What does this rule mean?

I read this rule in a book .it says, If $$a>0$$, $$a$$ is not equal to $$1$$ and $$a^x=a^y$$,then $$x=y$$. But I don't understand why the value of $$a$$ has to be greater than $$0$$. What if the value of $$a$$ was less than $$0$$? Wouldn't it be the same ?For example, if $$a=-2$$, for which other value of $$x$$,could I get $$4$$ other than $$2$$?

• You don't define a real exponential function $a^x$ for $a<0$. Just imagine the domain of that!!
– Pspl
Nov 6 '19 at 15:12
• Could you please explain what you mean to say? I am new to these rules.Thanks Nov 6 '19 at 15:19
• Ok! Using your own terms: what is the domain of $a^x$ where $a=-2$? Can you tell?
– Pspl
Nov 6 '19 at 15:20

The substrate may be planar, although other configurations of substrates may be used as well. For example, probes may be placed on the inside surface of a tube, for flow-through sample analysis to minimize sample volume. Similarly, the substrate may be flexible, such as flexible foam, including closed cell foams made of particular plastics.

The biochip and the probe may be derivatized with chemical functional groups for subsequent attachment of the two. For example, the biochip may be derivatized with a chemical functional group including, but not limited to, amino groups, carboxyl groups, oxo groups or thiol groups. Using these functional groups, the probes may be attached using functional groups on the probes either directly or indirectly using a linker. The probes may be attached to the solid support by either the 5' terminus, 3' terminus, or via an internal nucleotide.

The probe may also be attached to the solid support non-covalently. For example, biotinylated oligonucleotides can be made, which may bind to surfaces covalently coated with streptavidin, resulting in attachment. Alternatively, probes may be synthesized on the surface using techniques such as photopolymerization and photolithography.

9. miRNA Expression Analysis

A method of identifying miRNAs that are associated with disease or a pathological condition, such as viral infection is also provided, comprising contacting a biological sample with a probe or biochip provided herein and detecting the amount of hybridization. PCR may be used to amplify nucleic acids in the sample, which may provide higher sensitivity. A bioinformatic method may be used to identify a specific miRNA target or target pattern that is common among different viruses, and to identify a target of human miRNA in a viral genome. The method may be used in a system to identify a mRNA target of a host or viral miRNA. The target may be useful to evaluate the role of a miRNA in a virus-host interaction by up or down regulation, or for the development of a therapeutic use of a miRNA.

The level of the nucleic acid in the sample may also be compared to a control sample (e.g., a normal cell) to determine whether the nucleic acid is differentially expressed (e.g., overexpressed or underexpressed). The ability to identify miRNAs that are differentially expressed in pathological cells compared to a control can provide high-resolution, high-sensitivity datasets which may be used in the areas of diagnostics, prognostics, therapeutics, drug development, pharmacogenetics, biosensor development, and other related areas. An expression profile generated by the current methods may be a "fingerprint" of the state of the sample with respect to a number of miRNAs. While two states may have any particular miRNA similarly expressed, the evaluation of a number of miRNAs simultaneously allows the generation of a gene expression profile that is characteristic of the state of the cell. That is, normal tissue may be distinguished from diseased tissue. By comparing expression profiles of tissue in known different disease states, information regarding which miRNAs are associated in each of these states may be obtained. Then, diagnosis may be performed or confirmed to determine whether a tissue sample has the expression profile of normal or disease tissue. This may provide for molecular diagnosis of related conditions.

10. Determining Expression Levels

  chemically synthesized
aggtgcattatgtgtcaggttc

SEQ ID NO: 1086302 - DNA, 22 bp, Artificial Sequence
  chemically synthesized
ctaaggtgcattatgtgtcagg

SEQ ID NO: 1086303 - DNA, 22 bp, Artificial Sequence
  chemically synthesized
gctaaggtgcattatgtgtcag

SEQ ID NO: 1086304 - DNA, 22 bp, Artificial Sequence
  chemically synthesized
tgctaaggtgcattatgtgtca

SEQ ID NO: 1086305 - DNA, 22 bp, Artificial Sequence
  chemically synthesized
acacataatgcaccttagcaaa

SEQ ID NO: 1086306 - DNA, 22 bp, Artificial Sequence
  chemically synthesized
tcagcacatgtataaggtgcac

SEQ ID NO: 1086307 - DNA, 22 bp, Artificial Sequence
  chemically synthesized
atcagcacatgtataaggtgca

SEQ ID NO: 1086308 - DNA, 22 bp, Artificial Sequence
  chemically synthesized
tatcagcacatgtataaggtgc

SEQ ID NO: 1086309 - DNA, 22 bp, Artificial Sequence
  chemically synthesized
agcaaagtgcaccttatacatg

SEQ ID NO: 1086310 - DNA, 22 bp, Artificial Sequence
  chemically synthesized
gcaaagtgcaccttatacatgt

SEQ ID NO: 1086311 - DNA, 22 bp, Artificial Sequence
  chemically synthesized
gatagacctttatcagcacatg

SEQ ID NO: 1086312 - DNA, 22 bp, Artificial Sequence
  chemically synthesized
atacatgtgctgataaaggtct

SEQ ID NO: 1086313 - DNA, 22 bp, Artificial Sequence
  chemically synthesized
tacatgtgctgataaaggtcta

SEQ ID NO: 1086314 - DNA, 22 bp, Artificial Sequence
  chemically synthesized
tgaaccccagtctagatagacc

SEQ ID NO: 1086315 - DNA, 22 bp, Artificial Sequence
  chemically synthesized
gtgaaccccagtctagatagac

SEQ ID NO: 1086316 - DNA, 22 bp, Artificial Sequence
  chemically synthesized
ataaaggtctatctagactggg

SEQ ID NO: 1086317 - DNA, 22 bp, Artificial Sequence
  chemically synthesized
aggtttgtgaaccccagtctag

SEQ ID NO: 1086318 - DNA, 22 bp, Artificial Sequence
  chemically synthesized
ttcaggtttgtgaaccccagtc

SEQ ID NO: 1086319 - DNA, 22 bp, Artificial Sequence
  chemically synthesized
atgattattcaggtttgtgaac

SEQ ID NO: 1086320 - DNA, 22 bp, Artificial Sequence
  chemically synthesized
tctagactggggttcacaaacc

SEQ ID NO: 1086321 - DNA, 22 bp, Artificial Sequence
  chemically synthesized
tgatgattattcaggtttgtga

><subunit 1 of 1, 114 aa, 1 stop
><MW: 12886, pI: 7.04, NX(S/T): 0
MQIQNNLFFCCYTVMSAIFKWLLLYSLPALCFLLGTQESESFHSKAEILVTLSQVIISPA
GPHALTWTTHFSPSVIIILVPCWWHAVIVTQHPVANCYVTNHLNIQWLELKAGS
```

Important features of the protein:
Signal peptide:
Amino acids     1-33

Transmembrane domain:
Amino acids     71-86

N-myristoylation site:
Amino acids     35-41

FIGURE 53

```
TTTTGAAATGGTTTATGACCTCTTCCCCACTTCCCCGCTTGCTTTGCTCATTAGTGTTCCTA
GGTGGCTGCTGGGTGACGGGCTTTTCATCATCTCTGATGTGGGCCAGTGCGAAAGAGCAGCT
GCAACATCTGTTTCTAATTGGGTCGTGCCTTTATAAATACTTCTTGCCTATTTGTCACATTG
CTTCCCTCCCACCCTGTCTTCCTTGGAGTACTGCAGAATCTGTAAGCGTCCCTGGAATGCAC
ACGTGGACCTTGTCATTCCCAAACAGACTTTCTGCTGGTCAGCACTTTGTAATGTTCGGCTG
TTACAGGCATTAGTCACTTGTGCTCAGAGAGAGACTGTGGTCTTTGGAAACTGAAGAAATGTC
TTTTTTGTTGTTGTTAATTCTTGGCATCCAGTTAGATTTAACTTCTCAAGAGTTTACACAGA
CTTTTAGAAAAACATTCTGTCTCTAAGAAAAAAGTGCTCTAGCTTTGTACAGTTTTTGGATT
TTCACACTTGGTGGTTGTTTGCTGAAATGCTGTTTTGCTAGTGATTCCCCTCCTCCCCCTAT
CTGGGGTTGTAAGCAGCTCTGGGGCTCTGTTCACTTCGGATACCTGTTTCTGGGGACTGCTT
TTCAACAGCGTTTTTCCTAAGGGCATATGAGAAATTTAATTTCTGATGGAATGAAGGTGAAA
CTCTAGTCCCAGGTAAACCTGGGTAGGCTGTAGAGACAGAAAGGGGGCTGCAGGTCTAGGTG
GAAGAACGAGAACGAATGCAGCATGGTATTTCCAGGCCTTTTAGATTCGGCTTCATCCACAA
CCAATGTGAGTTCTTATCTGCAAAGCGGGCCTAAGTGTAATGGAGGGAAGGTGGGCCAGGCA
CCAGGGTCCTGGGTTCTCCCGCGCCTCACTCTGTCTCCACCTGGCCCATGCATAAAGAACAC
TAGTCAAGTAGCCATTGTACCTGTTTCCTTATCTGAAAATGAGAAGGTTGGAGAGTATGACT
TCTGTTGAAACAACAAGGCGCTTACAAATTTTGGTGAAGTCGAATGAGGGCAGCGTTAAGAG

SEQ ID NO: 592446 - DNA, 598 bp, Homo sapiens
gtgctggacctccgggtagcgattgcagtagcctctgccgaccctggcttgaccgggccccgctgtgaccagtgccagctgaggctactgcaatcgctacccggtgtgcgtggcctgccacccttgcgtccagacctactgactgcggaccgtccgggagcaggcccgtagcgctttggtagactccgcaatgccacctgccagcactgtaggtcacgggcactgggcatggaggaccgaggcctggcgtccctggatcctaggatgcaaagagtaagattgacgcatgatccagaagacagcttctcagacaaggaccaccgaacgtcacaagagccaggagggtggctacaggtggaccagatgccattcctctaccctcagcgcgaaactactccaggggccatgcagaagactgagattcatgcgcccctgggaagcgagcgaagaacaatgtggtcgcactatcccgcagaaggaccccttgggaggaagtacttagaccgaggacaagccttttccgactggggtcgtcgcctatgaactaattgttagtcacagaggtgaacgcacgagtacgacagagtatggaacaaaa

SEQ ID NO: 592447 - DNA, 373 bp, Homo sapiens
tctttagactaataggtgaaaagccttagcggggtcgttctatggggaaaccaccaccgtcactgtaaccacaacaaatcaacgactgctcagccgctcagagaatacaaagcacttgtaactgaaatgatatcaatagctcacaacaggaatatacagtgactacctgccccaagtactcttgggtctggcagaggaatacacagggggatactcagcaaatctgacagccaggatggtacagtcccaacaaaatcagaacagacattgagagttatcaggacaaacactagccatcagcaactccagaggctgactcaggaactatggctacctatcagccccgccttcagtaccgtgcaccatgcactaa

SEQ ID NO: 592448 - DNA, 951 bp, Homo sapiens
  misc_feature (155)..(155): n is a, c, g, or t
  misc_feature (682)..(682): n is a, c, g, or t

• A silly example as well, $(-1)^1 = (-1)^3$ despite $1\neq 3$. Of course, you could change your statement to say $|a|$ is not equal to $1$ to cover this case. That said, even if you can't find another $y$ such that $(-2)^2 = (-2)^y$ that doesn't imply that for all $x,y$ if $(-2)^x=(-2)^y$ that it would imply $x=y$. Consider what happens when you start using fractions in the exponent instead. Nov 6 '19 at 15:28
• Could please give an example of what you mentioned in the last sentences? Nov 6 '19 at 16:52

When $$a<0$$ exponentiation is not well defined for $$x \in \mathbb R$$.
Note that for $$a>0$$, $$a\neq 1$$ the equality $$x=y$$ from $$a^x=a^y$$ holds since $$f(x)=a^x$$ is injective.
• Provided $a\neq1$. Nov 6 '19 at 15:20